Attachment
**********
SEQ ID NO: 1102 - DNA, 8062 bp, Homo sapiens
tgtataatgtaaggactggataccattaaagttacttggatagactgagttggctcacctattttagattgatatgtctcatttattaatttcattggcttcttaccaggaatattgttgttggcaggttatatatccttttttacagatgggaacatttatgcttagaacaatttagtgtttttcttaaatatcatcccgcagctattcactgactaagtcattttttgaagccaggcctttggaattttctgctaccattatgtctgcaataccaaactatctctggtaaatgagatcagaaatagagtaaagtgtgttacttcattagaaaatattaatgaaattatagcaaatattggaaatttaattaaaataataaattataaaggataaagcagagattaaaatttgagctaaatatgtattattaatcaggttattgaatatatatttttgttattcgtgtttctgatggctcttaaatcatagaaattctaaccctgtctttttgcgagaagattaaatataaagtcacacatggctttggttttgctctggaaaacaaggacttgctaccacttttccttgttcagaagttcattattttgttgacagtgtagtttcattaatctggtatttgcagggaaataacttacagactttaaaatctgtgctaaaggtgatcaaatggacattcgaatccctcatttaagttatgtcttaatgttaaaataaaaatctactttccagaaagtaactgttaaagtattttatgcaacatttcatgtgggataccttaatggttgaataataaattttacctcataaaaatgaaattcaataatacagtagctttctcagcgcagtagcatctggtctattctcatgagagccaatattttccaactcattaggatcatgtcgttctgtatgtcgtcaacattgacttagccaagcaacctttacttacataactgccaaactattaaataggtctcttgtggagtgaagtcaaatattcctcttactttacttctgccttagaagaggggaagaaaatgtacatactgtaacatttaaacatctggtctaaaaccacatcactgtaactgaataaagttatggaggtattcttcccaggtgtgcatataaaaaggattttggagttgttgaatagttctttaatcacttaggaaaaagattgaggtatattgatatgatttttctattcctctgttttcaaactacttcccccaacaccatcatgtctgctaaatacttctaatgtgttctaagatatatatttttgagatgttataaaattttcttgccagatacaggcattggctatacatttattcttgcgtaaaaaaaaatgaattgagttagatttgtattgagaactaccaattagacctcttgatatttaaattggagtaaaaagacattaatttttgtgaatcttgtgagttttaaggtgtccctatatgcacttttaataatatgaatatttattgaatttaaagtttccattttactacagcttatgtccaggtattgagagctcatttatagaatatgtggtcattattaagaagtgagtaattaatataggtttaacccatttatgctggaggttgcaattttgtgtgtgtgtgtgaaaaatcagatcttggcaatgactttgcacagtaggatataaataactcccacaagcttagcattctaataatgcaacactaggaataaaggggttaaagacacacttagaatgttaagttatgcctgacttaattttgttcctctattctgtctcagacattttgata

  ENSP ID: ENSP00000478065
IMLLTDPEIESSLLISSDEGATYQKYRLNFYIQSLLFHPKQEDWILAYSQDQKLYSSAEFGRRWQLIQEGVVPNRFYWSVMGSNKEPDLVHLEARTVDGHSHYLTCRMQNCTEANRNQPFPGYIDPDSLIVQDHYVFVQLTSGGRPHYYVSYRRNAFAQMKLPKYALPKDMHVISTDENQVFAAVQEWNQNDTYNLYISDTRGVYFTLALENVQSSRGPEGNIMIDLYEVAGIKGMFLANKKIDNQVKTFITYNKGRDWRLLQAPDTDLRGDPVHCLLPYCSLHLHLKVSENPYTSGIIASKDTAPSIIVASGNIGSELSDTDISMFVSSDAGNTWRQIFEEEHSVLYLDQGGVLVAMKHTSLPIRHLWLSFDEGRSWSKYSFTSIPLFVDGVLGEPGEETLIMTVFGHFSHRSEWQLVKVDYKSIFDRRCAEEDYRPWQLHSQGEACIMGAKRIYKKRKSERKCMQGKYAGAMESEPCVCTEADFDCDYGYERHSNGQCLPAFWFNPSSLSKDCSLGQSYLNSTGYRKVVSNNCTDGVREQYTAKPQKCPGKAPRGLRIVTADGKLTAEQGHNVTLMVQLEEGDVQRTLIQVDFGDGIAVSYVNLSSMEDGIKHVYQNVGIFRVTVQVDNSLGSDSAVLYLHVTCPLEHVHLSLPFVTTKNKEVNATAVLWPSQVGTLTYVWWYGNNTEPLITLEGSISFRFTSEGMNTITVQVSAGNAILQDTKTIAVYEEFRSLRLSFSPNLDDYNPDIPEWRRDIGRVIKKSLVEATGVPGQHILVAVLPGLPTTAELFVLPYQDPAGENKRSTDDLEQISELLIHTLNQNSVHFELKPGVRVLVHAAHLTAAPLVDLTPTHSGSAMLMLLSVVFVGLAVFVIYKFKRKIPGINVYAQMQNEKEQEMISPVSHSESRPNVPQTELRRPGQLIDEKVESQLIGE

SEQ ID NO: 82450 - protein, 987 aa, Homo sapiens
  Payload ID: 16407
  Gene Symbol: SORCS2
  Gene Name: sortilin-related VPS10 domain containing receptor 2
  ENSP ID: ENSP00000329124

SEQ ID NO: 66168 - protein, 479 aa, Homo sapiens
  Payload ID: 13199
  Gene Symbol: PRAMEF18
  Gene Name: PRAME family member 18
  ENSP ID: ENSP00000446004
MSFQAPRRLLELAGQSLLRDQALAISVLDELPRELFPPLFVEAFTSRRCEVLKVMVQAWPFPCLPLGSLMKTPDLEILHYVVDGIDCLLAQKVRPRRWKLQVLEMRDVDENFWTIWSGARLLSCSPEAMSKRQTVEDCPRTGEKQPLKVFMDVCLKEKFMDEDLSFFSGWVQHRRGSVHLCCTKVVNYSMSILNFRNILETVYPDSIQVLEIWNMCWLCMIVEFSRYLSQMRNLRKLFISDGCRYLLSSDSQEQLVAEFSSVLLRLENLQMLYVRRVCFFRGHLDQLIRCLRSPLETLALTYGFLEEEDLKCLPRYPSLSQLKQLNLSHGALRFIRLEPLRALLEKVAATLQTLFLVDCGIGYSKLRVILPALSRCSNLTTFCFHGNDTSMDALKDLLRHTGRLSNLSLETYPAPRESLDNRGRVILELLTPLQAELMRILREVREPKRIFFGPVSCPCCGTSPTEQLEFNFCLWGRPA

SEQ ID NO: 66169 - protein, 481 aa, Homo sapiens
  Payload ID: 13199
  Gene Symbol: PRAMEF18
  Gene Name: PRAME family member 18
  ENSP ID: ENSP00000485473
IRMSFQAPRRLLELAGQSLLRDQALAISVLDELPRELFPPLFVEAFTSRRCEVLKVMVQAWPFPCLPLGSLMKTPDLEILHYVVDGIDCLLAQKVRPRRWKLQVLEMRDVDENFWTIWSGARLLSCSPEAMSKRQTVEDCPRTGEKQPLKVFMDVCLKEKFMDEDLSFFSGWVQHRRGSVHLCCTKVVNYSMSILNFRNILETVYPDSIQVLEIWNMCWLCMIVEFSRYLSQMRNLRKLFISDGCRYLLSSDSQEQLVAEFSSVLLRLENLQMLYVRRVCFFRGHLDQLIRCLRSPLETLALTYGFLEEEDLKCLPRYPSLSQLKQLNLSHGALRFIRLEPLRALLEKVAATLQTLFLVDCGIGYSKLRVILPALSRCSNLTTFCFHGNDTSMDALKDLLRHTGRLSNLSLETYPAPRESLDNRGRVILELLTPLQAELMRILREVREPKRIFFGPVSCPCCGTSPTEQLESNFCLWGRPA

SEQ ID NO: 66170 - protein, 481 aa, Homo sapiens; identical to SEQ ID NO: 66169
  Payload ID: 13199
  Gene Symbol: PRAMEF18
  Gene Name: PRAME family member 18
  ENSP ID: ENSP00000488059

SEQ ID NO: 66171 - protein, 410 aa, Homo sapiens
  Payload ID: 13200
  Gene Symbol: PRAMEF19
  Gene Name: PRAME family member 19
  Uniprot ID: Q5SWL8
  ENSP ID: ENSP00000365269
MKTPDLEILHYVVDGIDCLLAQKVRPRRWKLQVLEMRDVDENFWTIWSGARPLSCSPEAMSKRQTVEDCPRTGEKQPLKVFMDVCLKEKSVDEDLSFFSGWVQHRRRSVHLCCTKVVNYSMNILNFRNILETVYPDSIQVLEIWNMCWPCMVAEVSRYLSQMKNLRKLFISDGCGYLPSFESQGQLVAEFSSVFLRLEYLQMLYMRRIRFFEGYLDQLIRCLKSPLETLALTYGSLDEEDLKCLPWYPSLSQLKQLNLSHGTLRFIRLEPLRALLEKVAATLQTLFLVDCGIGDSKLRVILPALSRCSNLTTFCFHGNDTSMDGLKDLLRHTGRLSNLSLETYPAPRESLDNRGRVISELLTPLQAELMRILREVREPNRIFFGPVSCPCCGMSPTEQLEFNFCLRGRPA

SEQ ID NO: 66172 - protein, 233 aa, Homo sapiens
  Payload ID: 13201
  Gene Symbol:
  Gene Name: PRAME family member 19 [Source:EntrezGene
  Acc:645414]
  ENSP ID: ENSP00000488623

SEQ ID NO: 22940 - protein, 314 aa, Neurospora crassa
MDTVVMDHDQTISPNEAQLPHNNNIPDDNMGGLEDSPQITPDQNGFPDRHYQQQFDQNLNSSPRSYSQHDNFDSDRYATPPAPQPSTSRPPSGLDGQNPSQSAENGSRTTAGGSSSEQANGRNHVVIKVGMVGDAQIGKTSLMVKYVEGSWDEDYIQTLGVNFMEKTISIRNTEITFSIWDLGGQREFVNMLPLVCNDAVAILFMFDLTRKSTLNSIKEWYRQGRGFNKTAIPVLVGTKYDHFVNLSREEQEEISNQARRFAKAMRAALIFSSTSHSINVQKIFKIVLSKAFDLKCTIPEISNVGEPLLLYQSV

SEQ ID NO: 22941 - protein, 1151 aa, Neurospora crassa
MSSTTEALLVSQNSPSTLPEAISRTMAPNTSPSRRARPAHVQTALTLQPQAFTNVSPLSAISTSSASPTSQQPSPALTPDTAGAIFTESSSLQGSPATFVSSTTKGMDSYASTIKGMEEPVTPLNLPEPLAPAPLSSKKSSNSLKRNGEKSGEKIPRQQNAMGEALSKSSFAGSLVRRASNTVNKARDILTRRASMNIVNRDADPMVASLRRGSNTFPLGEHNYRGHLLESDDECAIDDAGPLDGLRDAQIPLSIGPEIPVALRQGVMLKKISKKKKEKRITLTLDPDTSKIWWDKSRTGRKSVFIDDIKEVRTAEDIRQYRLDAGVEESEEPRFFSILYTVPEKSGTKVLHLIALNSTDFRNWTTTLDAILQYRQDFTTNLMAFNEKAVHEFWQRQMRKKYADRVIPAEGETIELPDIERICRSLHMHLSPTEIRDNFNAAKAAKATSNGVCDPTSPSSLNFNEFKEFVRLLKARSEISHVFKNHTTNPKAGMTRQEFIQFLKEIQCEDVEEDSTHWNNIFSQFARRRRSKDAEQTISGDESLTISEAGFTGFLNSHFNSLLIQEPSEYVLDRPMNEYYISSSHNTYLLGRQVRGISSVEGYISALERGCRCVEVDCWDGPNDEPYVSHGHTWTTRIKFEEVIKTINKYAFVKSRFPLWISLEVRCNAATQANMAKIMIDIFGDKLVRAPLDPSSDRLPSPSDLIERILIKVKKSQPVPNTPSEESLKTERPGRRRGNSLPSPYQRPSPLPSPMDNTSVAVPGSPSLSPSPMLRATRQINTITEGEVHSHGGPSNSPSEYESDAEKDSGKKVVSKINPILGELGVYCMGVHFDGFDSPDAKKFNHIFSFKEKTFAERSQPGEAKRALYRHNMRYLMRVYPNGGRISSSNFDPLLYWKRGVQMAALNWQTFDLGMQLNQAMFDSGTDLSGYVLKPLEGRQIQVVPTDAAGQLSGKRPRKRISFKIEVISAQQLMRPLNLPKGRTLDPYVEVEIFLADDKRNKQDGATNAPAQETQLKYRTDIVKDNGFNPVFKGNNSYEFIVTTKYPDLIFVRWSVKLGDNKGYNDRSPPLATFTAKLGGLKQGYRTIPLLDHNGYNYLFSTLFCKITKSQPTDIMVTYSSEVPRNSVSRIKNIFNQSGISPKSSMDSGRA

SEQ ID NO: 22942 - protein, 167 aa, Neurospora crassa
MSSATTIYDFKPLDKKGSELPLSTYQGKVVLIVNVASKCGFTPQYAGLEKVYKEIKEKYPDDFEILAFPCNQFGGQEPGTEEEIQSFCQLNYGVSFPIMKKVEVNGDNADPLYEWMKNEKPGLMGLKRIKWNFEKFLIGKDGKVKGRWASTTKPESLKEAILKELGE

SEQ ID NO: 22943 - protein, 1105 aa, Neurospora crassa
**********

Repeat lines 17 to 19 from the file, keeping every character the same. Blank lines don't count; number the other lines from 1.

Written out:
  Payload ID: 13199
  Gene Symbol: PRAMEF18
  Gene Name: PRAME family member 18